VMware vSphere Host profiles is one of the very powerful features which can ease much pain of reconfiguring manually options after re-installing a host. vSphere host profiles can apply to individual hosts or to a whole cluster, which can be especially useful when you deal with the same or similar hardware inside this cluster.
Host profiles are necessary when using VMware vSphere Autodeploy, which takes advantage of host profile after the stateless image is loaded in memory, to apply a configuration through that host profile. What's needed is also an Autodeploy installed and configured, together with DHCP options enabled for Autodeploy to work with.
If you're new to vSphere and coming from Microsoft administration, you can compare host profiles to a GPOs. Many, many options there as well. Host profiles are very powerful. One of the options that you can set is a root password through host profiles, or you can do a reset of your root password by applying a host profile to the host (the host must still be accessible through vCenter).
Host profiles can be created from scratch, but the best way to actually start using host profiles is to create host profile from existing host.
vSphere Host Profiles – Create a New Profile.
Home > Management > Host Profiles. Choose “Create Profile” and select the one of your hosts as a reference host.
Chose some meaningful name and click finish to save your new profile. Once this profile created, you can explore what's inside, and there is a lot. In fact you can do a lot with host profile:
- Clone – to another one (to modify just some parts which can be applied to another host, like IP address, hostname…)
- Update from Reference host – when changing some config on reference host and want to update your profile. This is the option.
- Change Reference Host – allows detach profile, to reattach to another host.
- Export Profile – export to use in another (remote) vCenter, or for archiving…
- Enable/Disable profile configuration – allows disable certain parts of the tree to avoid applying to a host which would otherwise throws an error.
How to Edit a vSphere Host profile.
When you edit a host profile you can add/remove some parts, and for example you can create a sub profiles, which are part of the main profile. You can add subprofile, and if the profile is a cluster profile (it means that it does not contain
Example: you want to add another portgroup to your vSwitch configuration.
Now you attach this profile to a host/cluster that you want apply that, and the portgroup will be automatically created on those hosts. (Note that if you want to apply to cluster, you would have deactivate the “per-host” options like ip addresses and host name which vary, host by host).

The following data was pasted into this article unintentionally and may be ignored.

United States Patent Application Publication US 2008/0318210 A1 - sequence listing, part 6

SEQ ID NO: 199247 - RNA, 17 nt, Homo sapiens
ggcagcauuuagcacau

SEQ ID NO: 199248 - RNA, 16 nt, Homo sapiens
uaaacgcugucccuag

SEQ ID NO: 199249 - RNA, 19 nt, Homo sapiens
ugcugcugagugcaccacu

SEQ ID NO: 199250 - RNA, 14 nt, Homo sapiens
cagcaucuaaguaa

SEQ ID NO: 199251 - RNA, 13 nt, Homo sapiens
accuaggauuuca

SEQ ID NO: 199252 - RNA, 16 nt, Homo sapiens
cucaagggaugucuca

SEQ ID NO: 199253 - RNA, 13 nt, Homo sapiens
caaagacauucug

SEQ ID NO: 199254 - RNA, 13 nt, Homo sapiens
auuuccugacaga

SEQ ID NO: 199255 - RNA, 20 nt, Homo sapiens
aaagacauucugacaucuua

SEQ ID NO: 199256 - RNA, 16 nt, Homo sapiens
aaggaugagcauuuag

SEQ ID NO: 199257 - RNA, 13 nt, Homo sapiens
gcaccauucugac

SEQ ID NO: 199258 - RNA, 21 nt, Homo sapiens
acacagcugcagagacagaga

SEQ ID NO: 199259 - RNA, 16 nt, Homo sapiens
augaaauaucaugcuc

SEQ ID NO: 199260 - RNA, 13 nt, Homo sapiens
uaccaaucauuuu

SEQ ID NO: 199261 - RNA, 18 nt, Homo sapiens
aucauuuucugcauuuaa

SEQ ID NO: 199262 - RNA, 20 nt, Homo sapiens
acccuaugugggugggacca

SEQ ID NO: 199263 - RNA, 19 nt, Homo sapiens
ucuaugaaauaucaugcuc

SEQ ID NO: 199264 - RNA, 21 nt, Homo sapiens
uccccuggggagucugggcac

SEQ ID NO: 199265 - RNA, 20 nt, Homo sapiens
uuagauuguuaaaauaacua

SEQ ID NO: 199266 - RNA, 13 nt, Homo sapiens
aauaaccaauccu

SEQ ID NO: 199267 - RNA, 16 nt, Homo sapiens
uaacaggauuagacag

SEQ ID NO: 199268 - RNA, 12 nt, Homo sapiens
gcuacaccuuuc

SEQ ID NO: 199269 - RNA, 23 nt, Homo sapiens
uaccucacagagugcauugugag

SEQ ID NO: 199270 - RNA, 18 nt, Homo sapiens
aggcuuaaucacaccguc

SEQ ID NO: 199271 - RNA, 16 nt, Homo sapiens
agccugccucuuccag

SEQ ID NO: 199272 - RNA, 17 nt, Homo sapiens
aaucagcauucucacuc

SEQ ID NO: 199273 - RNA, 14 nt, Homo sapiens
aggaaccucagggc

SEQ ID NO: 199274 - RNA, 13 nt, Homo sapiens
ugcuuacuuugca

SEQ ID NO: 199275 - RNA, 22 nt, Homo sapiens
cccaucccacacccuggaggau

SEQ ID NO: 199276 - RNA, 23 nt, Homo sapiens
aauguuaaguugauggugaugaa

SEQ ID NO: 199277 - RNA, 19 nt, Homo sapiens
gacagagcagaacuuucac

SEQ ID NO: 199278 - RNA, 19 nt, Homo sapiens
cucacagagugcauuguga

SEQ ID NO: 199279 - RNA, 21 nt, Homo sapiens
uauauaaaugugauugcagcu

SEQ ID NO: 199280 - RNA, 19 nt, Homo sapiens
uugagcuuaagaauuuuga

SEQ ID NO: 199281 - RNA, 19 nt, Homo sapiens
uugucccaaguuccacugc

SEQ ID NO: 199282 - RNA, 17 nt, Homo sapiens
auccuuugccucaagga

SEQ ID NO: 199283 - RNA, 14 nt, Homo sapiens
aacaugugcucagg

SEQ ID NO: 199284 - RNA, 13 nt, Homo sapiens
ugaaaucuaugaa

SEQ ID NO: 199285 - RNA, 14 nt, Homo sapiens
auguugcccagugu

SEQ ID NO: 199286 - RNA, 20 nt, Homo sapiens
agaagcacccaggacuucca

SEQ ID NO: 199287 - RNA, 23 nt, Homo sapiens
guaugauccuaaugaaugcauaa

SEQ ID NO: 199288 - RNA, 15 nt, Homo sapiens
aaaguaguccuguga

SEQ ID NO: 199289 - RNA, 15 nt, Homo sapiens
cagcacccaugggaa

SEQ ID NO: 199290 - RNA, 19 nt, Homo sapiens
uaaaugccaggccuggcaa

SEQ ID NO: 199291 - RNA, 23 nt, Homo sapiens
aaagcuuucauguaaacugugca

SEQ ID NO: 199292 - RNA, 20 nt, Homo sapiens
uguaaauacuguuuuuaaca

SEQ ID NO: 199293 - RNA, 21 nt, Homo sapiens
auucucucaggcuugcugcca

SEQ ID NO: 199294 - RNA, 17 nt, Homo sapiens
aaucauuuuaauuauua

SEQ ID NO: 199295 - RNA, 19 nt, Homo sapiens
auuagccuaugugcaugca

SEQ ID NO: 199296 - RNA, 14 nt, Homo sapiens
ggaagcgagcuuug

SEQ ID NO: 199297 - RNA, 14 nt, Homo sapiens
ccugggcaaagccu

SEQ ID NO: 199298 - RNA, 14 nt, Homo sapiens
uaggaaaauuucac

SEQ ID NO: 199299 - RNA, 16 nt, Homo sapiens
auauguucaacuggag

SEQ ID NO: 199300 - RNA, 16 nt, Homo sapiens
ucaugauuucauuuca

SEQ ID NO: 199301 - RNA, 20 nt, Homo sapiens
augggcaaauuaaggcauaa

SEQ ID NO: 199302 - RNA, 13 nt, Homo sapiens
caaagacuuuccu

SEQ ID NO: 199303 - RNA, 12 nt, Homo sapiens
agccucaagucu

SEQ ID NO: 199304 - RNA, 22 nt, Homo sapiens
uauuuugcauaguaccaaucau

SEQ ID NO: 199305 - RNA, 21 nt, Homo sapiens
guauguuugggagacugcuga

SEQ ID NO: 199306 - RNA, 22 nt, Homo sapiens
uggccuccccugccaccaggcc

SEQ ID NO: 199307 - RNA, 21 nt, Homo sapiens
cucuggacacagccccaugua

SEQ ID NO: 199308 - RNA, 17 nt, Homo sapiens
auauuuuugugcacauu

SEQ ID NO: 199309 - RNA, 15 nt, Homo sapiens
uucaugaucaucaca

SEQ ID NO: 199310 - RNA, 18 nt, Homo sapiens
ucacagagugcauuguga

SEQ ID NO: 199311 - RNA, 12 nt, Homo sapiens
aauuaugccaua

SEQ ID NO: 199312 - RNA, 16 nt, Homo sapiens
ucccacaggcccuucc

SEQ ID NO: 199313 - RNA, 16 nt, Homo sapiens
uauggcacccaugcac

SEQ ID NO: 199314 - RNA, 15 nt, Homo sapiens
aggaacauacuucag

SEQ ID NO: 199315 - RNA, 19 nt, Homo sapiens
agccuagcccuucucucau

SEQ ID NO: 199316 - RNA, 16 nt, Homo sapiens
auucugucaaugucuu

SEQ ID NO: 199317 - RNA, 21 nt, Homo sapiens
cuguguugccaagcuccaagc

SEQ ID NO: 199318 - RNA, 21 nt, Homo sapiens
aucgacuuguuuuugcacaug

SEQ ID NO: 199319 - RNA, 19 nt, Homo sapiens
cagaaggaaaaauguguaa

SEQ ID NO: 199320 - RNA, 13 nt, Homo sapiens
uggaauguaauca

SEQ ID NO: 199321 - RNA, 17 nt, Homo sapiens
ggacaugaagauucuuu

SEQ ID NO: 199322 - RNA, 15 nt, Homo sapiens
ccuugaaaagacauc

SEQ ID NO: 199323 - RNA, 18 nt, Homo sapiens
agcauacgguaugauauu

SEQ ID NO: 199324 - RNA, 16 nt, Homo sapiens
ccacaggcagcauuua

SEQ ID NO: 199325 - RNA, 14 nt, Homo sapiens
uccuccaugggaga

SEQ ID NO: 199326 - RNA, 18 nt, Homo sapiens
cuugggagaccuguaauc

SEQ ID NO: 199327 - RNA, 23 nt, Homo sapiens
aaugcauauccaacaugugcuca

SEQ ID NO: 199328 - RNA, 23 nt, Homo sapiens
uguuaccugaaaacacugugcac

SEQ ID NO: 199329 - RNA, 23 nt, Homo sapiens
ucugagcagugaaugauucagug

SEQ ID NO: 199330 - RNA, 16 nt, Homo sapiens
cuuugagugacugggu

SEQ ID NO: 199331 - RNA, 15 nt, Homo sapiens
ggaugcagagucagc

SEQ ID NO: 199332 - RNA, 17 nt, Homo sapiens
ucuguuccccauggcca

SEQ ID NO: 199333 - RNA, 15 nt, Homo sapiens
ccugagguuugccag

So the process should looks like this:
- Create profile and attach host/cluster
- Check host compliance against a profile
- Check Answer File/ Update Answer file
- Apply the host profile to other hosts or clusters of hosts
In my particular case I simply re-applied the host profile to a host which was the original host where I created the profile from.. But I added my vladan_test port group with VLAN ID 4 as an options…
When you try to check profile compliance, you'll see that the host profile compliance state changes from Unknown to Noncompliant.
If your Answer file looks good (Complete), you can apply profile to the host and you'll see that the new changed are pushed through…
vSphere host profiles are very powerful feature which allows applying a homogeneous configuration across many hosts/clusters in the environment (without rebooting the hosts of course). Coupled with Autodeploy, host profiles are great help for deploying standardized and homogeneous configurations ( with automated cluster assignments).
The whole serie so far:
- VCAP Diary – VMware vSphere ESXi Image Builder
- VMware vSphere AutoDeploy – Run some PowerCLI and you’re the Boss
- VMware vSphere AutoDeploy – Install and configure
- VCAP Diary – VMware vSphere Host Profiles (this post)
- VMware vSphere Host Profiles – options and troubleshooting
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